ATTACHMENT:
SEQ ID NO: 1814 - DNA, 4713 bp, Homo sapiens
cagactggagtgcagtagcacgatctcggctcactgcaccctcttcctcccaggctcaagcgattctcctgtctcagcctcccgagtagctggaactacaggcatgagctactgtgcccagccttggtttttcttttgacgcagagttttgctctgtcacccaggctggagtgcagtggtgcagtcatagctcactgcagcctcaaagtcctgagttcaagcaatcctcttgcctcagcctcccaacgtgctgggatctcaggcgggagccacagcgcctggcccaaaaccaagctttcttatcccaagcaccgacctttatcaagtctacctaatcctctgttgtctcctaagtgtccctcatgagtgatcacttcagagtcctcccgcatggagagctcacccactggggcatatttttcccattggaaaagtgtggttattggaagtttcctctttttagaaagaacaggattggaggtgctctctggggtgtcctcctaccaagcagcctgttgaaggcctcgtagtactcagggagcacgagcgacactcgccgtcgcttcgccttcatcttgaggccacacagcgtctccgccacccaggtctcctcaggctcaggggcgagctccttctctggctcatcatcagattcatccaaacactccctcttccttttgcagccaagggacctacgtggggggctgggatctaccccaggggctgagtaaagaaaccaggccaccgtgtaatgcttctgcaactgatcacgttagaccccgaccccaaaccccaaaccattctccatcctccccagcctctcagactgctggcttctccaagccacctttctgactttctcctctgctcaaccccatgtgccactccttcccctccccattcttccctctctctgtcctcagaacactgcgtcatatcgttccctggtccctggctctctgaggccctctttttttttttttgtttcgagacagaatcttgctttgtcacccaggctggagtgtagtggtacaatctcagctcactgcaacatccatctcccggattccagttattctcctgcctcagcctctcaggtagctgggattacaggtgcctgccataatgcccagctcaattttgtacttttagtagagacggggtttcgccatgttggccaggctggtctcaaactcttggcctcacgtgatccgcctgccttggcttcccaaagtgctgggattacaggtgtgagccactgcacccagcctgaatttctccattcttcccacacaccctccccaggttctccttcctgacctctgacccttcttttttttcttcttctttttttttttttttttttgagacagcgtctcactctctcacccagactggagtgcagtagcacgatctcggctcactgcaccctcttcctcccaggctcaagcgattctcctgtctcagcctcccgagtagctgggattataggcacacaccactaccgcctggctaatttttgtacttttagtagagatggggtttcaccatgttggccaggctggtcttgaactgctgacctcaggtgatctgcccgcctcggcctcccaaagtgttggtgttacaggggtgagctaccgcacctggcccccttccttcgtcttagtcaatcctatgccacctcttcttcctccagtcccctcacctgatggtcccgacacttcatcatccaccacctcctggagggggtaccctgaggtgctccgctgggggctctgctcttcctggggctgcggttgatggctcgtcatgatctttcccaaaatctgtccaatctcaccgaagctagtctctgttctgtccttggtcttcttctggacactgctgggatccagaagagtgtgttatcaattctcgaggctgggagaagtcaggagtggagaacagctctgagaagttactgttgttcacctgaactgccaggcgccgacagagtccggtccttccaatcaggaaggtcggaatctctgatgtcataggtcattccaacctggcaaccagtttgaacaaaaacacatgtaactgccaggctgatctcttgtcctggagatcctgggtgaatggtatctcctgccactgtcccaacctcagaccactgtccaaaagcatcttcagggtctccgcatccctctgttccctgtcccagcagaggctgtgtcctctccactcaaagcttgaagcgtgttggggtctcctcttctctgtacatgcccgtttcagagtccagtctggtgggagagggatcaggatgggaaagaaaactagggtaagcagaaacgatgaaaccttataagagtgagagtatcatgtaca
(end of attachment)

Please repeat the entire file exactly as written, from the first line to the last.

SEQ ID NO: 1814 - DNA, 4713 bp, Homo sapiens
cagactggagtgcagtagcacgatctcggctcactgcaccctcttcctcccaggctcaagcgattctcctgtctcagcctcccgagtagctggaactacaggcatgagctactgtgcccagccttggtttttcttttgacgcagagttttgctctgtcacccaggctggagtgcagtggtgcagtcatagctcactgcagcctcaaagtcctgagttcaagcaatcctcttgcctcagcctcccaacgtgctgggatctcaggcgggagccacagcgcctggcccaaaaccaagctttcttatcccaagcaccgacctttatcaagtctacctaatcctctgttgtctcctaagtgtccctcatgagtgatcacttcagagtcctcccgcatggagagctcacccactggggcatatttttcccattggaaaagtgtggttattggaagtttcctctttttagaaagaacaggattggaggtgctctctggggtgtcctcctaccaagcagcctgttgaaggcctcgtagtactcagggagcacgagcgacactcgccgtcgcttcgccttcatcttgaggccacacagcgtctccgccacccaggtctcctcaggctcaggggcgagctccttctctggctcatcatcagattcatccaaacactccctcttccttttgcagccaagggacctacgtggggggctgggatctaccccaggggctgagtaaagaaaccaggccaccgtgtaatgcttctgcaactgatcacgttagaccccgaccccaaaccccaaaccattctccatcctccccagcctctcagactgctggcttctccaagccacctttctgactttctcctctgctcaaccccatgtgccactccttcccctccccattcttccctctctctgtcctcagaacactgcgtcatatcgttccctggtccctggctctctgaggccctctttttttttttttgtttcgagacagaatcttgctttgtcacccaggctggagtgtagtggtacaatctcagctcactgcaacatccatctcccggattccagttattctcctgcctcagcctctcaggtagctgggattacaggtgcctgccataatgcccagctcaattttgtacttttagtagagacggggtttcgccatgttggccaggctggtctcaaactcttggcctcacgtgatccgcctgccttggcttcccaaagtgctgggattacaggtgtgagccactgcacccagcctgaatttctccattcttcccacacaccctccccaggttctccttcctgacctctgacccttcttttttttcttcttctttttttttttttttttttgagacagcgtctcactctctcacccagactggagtgcagtagcacgatctcggctcactgcaccctcttcctcccaggctcaagcgattctcctgtctcagcctcccgagtagctgggattataggcacacaccactaccgcctggctaatttttgtacttttagtagagatggggtttcaccatgttggccaggctggtcttgaactgctgacctcaggtgatctgcccgcctcggcctcccaaagtgttggtgttacaggggtgagctaccgcacctggcccccttccttcgtcttagtcaatcctatgccacctcttcttcctccagtcccctcacctgatggtcccgacacttcatcatccaccacctcctggagggggtaccctgaggtgctccgctgggggctctgctcttcctggggctgcggttgatggctcgtcatgatctttcccaaaatctgtccaatctcaccgaagctagtctctgttctgtccttggtcttcttctggacactgctgggatccagaagagtgtgttatcaattctcgaggctgggagaagtcaggagtggagaacagctctgagaagttactgttgttcacctgaactgccaggcgccgacagagtccggtccttccaatcaggaaggtcggaatctctgatgtcataggtcattccaacctggcaaccagtttgaacaaaaacacatgtaactgccaggctgatctcttgtcctggagatcctgggtgaatggtatctcctgccactgtcccaacctcagaccactgtccaaaagcatcttcagggtctccgcatccctctgttccctgtcccagcagaggctgtgtcctctccactcaaagcttgaagcgtgttggggtctcctcttctctgtacatgcccgtttcagagtccagtctggtgggagagggatcaggatgggaaagaaaactagggtaagcagaaacgatgaaaccttataagagtgagagtatcatgtaca